It was once considered the retailer’s crown jewel—a big format store on a swank hall that showed off one of the best of what a brand needed to supply. However, now the so-called flagship store is disappearing from high-profile purchasing thoroughfares like Manhattan’s Madison Avenue and Chicago’s Magnificent Mile due to skyrocketing rents and the shift to on-line purchasing, the AP studies. During the last year or so, Gap, Tommy Hilfiger, Lord & Taylor, and Polo Ralph Lauren have closed their flagship shops on Manhattan’s Fifth Avenue. Abercrombie introduced in May that it was closing three more of its large areas all over the world. Other retailers are reimagining the flagship idea as an alternative to abandoning it altogether.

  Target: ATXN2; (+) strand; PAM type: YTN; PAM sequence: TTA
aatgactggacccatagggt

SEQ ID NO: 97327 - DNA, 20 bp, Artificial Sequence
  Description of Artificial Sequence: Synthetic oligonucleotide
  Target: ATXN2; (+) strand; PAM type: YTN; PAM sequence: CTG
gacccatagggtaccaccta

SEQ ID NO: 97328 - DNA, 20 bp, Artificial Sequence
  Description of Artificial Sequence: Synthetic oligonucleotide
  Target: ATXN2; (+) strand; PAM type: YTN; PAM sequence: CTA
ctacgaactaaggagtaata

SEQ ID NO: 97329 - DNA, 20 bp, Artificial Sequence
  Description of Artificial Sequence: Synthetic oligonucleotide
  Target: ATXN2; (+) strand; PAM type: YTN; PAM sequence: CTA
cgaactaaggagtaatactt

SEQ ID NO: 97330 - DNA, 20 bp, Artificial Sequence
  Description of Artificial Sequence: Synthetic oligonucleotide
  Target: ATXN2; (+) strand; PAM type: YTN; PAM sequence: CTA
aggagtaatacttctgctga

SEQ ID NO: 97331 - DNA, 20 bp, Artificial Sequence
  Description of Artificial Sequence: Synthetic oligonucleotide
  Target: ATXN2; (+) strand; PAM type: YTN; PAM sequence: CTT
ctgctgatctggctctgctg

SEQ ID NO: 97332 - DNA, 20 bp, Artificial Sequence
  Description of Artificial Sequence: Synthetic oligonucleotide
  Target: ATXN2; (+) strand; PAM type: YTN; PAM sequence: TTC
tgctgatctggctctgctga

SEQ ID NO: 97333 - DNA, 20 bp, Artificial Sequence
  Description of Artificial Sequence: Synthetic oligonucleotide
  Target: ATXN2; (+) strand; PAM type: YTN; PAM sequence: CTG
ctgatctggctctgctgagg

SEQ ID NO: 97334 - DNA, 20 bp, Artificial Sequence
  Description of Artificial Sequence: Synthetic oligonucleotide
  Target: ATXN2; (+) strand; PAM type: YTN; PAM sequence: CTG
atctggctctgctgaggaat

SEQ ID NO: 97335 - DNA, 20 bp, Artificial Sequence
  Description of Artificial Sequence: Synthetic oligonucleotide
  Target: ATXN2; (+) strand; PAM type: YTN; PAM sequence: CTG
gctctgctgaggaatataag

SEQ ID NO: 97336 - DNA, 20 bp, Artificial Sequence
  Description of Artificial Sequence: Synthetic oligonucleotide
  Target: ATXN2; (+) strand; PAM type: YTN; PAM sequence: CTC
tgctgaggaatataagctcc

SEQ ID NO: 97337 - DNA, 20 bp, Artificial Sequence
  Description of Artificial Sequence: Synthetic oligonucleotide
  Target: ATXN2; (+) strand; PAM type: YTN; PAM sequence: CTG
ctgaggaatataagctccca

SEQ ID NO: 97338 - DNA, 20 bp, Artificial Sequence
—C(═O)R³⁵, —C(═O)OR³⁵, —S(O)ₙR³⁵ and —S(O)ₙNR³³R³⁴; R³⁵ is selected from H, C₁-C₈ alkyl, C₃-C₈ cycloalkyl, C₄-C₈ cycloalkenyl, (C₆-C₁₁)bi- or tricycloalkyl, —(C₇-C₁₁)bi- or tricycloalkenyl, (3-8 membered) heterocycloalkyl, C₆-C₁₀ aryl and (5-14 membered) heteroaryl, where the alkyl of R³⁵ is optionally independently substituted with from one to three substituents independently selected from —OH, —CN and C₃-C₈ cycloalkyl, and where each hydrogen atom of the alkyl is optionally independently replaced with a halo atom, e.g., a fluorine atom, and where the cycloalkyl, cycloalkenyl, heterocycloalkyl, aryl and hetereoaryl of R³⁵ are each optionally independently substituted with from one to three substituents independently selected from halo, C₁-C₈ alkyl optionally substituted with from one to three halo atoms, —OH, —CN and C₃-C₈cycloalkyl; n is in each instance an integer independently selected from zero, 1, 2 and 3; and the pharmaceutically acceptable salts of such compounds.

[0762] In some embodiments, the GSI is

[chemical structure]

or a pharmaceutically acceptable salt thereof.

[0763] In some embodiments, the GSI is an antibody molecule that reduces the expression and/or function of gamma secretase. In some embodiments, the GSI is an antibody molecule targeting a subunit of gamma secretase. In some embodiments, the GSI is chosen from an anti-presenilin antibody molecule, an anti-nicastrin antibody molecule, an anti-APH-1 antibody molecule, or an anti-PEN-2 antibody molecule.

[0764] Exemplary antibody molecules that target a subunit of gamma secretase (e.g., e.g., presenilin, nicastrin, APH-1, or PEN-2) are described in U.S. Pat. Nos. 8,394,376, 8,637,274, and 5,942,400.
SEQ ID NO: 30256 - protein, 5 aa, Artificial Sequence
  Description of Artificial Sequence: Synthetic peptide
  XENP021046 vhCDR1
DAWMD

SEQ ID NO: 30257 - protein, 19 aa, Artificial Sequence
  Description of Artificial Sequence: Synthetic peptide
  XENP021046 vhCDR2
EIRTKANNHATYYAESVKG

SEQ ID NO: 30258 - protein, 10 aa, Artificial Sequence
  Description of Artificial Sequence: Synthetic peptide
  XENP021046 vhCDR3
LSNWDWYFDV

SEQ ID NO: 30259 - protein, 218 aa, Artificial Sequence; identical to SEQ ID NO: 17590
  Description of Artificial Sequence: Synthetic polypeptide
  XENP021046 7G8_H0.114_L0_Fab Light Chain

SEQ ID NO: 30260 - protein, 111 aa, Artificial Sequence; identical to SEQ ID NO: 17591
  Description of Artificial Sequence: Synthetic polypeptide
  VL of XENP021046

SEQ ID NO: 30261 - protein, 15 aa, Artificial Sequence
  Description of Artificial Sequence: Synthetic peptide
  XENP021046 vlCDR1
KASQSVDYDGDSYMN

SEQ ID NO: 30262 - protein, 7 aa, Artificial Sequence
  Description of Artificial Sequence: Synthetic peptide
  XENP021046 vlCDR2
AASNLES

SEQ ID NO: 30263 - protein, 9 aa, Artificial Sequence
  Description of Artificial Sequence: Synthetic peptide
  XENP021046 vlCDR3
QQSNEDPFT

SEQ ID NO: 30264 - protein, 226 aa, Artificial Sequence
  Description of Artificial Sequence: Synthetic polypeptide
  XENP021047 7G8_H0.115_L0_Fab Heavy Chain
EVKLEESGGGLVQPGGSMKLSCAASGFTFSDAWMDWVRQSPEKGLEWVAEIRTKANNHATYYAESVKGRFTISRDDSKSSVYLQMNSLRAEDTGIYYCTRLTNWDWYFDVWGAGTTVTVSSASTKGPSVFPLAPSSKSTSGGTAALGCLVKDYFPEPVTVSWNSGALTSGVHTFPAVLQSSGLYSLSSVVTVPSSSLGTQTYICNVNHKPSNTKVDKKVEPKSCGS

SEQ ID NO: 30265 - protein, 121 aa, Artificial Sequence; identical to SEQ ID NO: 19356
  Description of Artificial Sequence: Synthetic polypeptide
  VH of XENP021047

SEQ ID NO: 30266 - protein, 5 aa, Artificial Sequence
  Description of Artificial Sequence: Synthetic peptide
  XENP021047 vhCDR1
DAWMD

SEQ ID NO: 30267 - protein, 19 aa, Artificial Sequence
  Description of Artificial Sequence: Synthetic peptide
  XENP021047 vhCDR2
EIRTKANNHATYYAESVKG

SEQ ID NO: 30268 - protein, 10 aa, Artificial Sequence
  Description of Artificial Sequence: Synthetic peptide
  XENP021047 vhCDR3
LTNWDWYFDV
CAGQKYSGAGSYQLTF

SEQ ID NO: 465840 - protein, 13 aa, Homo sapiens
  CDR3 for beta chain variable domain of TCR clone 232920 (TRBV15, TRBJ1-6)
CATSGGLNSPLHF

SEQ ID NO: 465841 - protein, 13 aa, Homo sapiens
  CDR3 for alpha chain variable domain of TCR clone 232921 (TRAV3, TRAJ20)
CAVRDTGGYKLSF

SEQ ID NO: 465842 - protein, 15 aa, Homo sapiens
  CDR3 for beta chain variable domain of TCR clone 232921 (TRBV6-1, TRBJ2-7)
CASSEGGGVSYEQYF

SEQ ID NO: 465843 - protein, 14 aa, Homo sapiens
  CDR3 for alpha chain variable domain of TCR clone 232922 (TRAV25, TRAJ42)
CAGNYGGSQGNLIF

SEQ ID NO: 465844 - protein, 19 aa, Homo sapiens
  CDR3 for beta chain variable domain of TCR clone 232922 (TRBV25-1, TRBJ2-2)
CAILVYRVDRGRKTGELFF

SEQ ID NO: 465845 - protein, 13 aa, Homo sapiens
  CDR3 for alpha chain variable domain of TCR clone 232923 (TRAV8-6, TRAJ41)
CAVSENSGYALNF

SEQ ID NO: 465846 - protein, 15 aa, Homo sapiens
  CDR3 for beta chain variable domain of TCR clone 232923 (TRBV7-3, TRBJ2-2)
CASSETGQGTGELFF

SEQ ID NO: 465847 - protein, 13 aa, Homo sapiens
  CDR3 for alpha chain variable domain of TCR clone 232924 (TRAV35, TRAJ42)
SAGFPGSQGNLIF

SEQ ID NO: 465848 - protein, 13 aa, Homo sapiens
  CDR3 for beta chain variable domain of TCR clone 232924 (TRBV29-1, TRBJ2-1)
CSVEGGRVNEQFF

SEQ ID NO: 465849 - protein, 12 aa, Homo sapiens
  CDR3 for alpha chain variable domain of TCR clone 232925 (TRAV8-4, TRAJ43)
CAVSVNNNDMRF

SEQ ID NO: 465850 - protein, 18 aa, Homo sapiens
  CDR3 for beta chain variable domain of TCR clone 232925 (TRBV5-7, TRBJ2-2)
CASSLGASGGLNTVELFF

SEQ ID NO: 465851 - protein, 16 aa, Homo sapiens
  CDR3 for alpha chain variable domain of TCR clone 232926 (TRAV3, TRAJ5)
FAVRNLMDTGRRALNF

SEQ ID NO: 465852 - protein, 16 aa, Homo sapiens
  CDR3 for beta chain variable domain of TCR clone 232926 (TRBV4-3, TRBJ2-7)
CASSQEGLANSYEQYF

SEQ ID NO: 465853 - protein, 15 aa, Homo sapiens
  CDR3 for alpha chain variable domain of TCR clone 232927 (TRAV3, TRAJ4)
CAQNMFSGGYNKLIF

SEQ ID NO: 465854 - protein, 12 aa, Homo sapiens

Nike, for example, lets customers see details of things displayed on a mannequin by scanning the QR code after which having these objects delivered to a fitting room or a designated pickup spot. Those still clinging to the old idea, however, are having a tougher time—like Barneys New York, which is now taking a look at the possible bankruptcy. The idea of a flagship store is more than a century old and was once limited to retailers’ biggest store. However in the last 20 years, a flagship store frenzy took to hold, and retailers from Gap to H&M checked out them as a must-have shrine to their brands, opening a number of flagships in multiple places, including luxurious corridors.